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AA-1-class submarine

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AA-1-class submarine

USS AA-1 (SS-52)
Class overview
Operators:  United States Navy
Preceded by: USS M-1 (SS-47)
Succeeded by: N-class submarine
Built: 1916–1922
In service: 1920–1927
Completed: USS T-1, USS T-2, USS T-3
Retired: 3
General characteristics
Type: Submarine
  • 1,107 long tons (1,125 t) (surfaced)
  • 1,482 long tons (1,506 t) (submerged)[1]
Length: 268 ft 9 in (81.92 m) overall
Beam: 22 ft 10 in (6.96 m)
Draft: 14 ft 2 in (4.32 m)
  • 20 kn (23 mph; 37 km/h) surfaced
  • 10.5 knots (19.4 km/h; 12.1 mph) submerged
  • 3,000 nmi (5,600 km) at 14 kn (26 km/h; 16 mph) (surfaced)
  • 100 nmi (190 km) at 5 kn (9.3 km/h; 5.8 mph) (surfaced)
Test depth: 150 ft (46 m)
Complement: 38[3]

The AA-1 class was a ship class of three experimental submarines of the United States Navy, built toward the end of World War I, between 1916 and 1919, intended to produce a high-speed fleet submarine. The design was not a success and none of the submarines saw active service. However, the lessons learned were applied to the design of the later V-boats. The class was later renamed as the "T-class".


  • Design 1
  • Service 2
  • Ships in class 3
    • USS Schley, AA-1, T-1 3.1
    • USS AA-2, T-2 3.2
    • USS AA-3, T-3 3.3
  • See also 4
  • References 5
    • Citations 5.1
    • Bibliography 5.2


In the early 1910s, only a dozen years after Holland inaugurated the Navy's undersea force, naval strategists had already begun to wish for submarines that could operate as long range reconnaissance vessels, in closer collaboration with the surface fleet than the Navy's existing classes, which had been designed primarily for coastal defense. These notional "fleet" submarines would necessarily be larger and better armed, but primarily, they would need a surface speed of some 21 knots (39 km/h) to be able to maneuver with the 21-knot battleships the battle fleet was built around.[5] This was the designed speed of the Delaware-class and later battleships, including the Standard-type battleships that were under construction and proposed in 1913.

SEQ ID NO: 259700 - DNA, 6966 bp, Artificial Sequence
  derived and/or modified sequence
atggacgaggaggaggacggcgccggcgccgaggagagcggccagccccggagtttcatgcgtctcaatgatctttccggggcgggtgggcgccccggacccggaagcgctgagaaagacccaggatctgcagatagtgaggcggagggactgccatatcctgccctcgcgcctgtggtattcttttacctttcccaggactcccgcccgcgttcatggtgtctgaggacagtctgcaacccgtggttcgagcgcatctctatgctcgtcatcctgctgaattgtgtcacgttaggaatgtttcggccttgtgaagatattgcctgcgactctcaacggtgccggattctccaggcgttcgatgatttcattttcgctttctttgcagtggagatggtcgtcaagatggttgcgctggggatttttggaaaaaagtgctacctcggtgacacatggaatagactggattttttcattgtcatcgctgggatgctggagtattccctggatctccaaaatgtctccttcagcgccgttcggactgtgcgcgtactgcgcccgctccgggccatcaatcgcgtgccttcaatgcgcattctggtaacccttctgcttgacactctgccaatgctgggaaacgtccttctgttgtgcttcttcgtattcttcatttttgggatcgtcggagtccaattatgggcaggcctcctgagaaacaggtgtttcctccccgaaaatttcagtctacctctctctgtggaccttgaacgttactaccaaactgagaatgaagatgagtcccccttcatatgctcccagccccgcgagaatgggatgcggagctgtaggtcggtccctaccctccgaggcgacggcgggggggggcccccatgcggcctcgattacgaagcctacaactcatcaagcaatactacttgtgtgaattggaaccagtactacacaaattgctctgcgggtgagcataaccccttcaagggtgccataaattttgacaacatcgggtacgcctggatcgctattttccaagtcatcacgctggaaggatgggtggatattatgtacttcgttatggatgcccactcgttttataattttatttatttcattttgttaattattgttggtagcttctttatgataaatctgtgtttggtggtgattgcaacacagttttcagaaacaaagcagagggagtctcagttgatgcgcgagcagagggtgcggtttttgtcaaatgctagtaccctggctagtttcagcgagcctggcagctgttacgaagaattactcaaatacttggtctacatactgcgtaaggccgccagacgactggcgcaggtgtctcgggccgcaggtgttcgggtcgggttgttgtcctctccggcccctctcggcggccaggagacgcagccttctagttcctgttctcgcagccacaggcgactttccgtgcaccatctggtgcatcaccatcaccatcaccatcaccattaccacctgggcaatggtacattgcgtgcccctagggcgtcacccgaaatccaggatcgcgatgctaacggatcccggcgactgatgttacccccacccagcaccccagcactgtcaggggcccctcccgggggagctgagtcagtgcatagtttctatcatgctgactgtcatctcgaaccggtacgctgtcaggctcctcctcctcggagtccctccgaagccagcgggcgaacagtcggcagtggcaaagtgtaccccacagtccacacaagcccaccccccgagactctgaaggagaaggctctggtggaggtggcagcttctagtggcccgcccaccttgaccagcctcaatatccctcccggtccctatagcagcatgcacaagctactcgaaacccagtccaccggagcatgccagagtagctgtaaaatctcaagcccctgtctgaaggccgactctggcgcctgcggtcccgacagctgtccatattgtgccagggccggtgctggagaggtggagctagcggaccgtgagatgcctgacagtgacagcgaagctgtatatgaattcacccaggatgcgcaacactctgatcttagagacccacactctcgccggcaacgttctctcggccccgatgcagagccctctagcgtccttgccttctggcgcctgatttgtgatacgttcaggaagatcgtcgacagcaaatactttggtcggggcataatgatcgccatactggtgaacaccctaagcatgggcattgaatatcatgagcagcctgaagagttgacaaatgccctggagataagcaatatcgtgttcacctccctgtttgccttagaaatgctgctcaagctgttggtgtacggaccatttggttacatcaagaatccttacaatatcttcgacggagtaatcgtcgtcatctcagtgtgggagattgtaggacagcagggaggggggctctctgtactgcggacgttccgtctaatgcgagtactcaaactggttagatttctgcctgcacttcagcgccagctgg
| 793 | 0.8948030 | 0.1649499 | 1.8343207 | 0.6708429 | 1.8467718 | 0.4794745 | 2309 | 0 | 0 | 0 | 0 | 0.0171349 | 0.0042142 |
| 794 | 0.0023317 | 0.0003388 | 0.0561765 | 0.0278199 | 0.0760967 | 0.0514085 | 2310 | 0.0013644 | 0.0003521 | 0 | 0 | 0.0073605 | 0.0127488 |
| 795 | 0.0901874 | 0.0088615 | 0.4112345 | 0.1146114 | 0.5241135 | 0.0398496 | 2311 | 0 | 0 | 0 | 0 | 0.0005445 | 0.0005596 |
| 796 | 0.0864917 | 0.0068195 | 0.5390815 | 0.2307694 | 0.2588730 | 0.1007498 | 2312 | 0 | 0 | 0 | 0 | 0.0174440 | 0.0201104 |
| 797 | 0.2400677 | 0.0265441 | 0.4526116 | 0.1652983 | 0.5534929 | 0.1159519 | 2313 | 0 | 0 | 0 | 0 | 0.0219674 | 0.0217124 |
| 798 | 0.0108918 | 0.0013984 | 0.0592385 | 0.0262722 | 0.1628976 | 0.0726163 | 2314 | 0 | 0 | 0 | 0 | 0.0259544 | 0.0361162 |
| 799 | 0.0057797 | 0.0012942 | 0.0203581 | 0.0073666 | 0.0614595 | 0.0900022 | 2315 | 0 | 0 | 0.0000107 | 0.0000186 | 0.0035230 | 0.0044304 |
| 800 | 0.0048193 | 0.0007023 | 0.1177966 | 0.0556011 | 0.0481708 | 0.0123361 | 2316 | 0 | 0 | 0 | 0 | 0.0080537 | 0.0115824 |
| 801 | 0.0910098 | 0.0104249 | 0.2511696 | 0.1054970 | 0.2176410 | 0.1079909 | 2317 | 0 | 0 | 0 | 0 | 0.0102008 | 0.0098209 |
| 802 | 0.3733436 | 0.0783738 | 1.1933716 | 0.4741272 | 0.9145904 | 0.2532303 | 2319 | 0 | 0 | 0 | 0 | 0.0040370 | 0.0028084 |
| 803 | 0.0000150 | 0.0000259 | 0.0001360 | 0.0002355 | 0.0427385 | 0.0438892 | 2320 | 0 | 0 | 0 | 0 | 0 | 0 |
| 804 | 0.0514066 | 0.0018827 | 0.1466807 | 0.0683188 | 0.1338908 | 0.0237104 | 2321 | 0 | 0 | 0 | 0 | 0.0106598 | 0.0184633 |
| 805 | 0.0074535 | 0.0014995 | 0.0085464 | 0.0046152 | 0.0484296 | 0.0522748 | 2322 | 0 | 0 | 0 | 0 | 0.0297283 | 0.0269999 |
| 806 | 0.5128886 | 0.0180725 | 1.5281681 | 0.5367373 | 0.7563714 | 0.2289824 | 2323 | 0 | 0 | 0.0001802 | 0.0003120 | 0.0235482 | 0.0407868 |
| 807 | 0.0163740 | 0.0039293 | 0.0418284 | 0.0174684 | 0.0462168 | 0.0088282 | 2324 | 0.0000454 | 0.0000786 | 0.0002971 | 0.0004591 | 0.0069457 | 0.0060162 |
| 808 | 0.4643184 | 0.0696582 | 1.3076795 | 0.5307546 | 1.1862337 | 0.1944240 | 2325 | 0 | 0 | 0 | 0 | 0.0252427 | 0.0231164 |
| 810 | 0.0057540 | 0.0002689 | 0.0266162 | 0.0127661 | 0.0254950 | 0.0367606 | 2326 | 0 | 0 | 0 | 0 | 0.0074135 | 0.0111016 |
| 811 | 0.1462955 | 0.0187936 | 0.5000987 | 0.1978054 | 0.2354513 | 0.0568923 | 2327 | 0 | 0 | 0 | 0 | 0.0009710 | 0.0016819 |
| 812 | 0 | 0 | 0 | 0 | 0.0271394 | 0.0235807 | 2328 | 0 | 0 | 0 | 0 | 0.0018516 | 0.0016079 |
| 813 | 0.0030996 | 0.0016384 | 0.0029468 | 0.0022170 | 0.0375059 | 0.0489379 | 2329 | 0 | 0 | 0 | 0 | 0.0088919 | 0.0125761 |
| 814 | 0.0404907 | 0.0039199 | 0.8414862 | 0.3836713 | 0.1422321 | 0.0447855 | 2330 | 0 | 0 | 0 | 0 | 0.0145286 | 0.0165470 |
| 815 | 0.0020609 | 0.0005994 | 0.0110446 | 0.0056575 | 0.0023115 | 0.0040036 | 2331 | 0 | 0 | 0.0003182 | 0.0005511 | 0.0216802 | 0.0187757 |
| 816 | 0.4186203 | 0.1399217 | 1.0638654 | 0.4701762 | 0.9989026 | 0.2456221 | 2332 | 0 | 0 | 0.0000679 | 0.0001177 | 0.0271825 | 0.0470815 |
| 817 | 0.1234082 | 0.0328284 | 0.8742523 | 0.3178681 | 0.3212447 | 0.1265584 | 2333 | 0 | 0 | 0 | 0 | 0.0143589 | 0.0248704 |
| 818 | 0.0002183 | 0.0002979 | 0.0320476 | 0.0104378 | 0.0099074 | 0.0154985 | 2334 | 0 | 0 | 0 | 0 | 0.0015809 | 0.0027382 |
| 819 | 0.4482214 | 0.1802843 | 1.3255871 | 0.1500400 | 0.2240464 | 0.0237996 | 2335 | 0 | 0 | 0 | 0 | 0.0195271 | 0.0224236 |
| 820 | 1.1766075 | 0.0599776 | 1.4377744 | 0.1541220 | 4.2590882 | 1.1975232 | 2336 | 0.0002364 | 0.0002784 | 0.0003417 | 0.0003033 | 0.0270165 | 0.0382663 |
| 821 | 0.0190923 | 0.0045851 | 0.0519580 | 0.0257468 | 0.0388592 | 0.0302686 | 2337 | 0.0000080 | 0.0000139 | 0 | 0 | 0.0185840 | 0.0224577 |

In the summer of 1913, Electric Boat's chief naval architect, former naval constructor Lawrence Y. Spear, proposed two preliminary fleet-boat designs for consideration in the Navy's 1914 program. In the ensuing authorization of eight submarines, Congress specified that one should "be of a seagoing type to have a surface speed of not less than twenty knots." This first fleet boat, laid down in June 1916, was named Schley after Spanish–American War hero Winfield Scott Schley. With a displacement of 1,106 tons surfaced, 1,487 tons submerged, on a length of 270 feet (82 m), Schley (later AA-1, and finally T-1) was twice as large as any previous U.S. submarine. One drawback of the large size was that the design depth was reduced from 200 ft (61 m) to 150 ft (46 m). To achieve the required surface speed, two tandem 1,000-horsepower (0.75 MW) diesel engines on each shaft drove twin screws, and a separate diesel generator was provided for charging batteries. Although Schley and two sisters authorized in 1915—AA-2 (later T-2), and AA-3 (later T-3)—all made their design speed of 20 knots (37 km/h), insoluble torsional vibration problems with their tandem engines made them very troublesome ships. As the engines were clutched together, it was impossible to perfectly synchronize their operation.